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Where to Go for Financial Education During the COVID-19 Crisis

By
Samantha Rose
Samantha Rose covers financial literacy for the educational arm of OppLoans. Her work focuses on providing hands-on resources for high school and college-age students in addition to their parents and educators.
Updated on March 18, 2021
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Four sources for educational support.

With a surge of layoffs and furloughs across the country, many Americans are experiencing unprecedented financial hardship. If you’re worried about covering bills, the best decision is to reach out and ask for help. But where can you turn for guidance?

Rely on financial education.

One result of the new economic reality is an increased demand for financial literacy resources. And nonprofits, government agencies, and financial institutions have stepped up in a big way.

Are you searching for financial education during COVID-19? Start here.

No. 1: Nonprofit organizations

Resources offered

  • Counseling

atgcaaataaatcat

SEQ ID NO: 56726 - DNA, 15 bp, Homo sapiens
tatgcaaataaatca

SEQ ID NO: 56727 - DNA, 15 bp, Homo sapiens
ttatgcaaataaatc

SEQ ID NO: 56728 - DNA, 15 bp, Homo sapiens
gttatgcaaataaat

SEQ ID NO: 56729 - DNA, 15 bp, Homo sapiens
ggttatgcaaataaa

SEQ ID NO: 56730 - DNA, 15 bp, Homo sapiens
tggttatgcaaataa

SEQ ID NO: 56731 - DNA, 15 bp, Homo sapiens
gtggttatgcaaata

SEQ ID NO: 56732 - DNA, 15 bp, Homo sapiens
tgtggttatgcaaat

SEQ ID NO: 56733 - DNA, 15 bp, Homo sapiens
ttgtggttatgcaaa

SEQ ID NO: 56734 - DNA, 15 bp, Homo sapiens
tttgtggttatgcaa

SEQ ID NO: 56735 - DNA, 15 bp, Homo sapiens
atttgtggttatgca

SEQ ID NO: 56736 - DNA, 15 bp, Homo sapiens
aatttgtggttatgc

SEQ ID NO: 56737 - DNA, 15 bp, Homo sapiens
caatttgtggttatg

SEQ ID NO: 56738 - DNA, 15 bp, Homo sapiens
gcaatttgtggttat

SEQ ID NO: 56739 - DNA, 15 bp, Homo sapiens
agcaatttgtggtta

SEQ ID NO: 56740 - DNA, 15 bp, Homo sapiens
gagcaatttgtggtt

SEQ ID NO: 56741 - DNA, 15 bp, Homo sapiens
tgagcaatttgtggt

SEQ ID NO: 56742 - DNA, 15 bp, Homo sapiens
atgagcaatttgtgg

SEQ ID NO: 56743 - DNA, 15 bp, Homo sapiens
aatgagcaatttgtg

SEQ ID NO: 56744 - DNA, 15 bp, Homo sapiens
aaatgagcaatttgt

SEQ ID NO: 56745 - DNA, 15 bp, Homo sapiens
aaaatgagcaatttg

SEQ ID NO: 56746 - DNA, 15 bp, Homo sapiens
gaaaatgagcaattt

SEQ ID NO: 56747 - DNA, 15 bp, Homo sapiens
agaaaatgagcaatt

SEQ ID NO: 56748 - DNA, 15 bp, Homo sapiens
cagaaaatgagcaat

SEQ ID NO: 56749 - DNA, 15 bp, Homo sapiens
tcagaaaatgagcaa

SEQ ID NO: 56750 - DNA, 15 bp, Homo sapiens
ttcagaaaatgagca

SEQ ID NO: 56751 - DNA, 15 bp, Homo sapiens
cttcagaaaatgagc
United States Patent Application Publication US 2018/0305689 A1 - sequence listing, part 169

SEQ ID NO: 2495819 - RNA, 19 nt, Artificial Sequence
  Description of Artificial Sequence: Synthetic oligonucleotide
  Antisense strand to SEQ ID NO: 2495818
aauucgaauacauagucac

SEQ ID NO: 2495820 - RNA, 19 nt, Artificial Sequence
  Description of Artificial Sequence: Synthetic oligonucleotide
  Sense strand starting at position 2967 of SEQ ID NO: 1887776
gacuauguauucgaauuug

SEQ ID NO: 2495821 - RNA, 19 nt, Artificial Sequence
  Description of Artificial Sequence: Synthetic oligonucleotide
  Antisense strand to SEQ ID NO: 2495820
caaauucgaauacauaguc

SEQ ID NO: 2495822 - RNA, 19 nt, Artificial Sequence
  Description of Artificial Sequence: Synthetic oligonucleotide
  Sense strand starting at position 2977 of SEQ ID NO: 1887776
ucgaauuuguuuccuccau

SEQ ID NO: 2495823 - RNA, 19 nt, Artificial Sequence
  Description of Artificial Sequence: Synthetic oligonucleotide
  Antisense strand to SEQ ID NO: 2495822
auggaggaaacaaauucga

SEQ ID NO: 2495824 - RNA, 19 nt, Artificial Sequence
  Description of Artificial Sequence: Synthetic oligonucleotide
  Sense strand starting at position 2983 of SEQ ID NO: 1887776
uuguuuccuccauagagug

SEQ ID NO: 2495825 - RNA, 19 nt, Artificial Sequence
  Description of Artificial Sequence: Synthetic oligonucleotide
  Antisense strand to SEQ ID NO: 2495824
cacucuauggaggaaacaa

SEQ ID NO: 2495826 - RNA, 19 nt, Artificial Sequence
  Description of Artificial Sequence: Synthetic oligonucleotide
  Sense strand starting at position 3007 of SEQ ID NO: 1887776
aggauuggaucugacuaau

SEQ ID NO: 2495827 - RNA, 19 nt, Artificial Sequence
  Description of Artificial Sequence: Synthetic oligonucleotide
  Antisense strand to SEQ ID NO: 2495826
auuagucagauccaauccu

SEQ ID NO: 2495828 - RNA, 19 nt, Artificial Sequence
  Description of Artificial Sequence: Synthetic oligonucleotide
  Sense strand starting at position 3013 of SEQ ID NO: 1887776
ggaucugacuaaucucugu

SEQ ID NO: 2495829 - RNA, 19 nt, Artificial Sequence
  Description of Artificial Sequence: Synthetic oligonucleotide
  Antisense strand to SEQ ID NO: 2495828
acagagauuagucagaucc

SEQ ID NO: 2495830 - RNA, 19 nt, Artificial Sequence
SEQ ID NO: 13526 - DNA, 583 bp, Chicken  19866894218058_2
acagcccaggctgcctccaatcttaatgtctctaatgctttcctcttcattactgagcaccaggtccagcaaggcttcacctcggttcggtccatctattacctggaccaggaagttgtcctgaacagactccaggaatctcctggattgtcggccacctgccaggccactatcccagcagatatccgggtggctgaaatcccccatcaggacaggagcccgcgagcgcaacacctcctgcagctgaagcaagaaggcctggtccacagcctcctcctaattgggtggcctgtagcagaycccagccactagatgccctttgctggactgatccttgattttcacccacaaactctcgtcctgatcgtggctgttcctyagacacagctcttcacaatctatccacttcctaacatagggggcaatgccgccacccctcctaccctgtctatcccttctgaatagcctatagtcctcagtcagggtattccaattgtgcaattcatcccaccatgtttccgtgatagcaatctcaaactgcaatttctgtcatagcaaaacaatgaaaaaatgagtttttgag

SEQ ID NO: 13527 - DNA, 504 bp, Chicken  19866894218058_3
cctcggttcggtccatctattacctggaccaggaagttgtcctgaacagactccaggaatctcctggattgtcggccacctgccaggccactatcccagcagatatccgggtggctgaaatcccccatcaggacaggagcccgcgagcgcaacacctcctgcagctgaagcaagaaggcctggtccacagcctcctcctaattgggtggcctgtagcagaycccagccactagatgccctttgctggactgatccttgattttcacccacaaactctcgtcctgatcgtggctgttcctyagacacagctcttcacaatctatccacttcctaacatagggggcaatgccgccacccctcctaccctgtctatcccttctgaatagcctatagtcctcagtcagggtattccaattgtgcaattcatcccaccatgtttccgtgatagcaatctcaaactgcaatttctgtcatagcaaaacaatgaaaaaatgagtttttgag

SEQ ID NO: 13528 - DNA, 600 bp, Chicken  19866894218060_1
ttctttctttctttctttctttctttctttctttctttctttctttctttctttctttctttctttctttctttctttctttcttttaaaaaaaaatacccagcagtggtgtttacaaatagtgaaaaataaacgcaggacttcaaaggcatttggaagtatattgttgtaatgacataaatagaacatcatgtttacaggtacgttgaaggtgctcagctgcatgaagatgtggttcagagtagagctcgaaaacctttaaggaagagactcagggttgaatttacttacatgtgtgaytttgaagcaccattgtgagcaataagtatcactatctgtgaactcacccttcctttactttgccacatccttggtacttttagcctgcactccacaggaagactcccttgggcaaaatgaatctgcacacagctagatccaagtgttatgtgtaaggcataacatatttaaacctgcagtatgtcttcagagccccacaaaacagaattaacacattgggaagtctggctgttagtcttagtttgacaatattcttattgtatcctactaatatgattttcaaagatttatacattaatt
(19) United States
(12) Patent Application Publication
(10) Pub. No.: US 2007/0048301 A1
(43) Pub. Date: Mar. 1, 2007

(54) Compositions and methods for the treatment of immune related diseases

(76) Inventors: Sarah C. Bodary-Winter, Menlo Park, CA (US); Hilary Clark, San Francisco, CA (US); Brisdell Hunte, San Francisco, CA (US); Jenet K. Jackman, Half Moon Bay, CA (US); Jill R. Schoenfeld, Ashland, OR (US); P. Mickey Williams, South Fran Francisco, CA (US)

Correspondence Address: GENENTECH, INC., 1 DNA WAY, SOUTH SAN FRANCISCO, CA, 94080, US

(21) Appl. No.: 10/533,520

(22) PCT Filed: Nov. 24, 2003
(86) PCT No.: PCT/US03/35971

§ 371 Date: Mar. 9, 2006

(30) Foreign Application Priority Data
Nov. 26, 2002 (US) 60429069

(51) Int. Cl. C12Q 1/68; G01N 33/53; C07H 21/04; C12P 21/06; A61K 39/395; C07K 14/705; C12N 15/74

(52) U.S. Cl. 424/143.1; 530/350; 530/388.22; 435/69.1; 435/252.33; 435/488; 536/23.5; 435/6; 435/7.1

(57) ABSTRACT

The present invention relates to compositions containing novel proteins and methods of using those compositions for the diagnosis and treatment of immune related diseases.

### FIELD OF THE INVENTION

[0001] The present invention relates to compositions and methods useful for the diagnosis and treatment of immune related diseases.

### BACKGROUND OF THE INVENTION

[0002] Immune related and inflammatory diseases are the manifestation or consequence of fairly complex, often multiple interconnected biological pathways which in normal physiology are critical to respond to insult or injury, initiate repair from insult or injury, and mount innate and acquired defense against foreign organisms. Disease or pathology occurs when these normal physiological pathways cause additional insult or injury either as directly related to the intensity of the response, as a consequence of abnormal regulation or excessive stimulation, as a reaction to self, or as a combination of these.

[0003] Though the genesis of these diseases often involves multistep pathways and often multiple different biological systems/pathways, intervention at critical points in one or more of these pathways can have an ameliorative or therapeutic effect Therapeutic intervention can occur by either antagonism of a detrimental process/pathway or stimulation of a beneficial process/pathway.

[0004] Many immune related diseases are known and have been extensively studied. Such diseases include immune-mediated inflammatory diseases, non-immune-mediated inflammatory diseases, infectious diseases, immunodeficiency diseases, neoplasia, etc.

• Educational materials
  • Resource lists

How they help

As the world reels from the pandemic, many nonprofit organizations are deciding how best to assist their communities impacted by the crisis. In the coming months and years, the need for financial literacy will likely increase. As a result, nonprofits are pivoting and strengthening preexisting financial resources.

Two clear missions have developed: to support Americans’ financial capability needs and to help them endure and recover from the pandemic. And most nonprofits provide services at no cost to those in their community. Assistance may include:

  • One-on-one counseling.
  • Financial education courses.
  • An information hotline.
  • A resource list.

Those struggling with a financial hardship due to the coronavirus pandemic should reach out to a nonprofit centered on financial education in their local community. Explore the organization’s offerings and resource lists.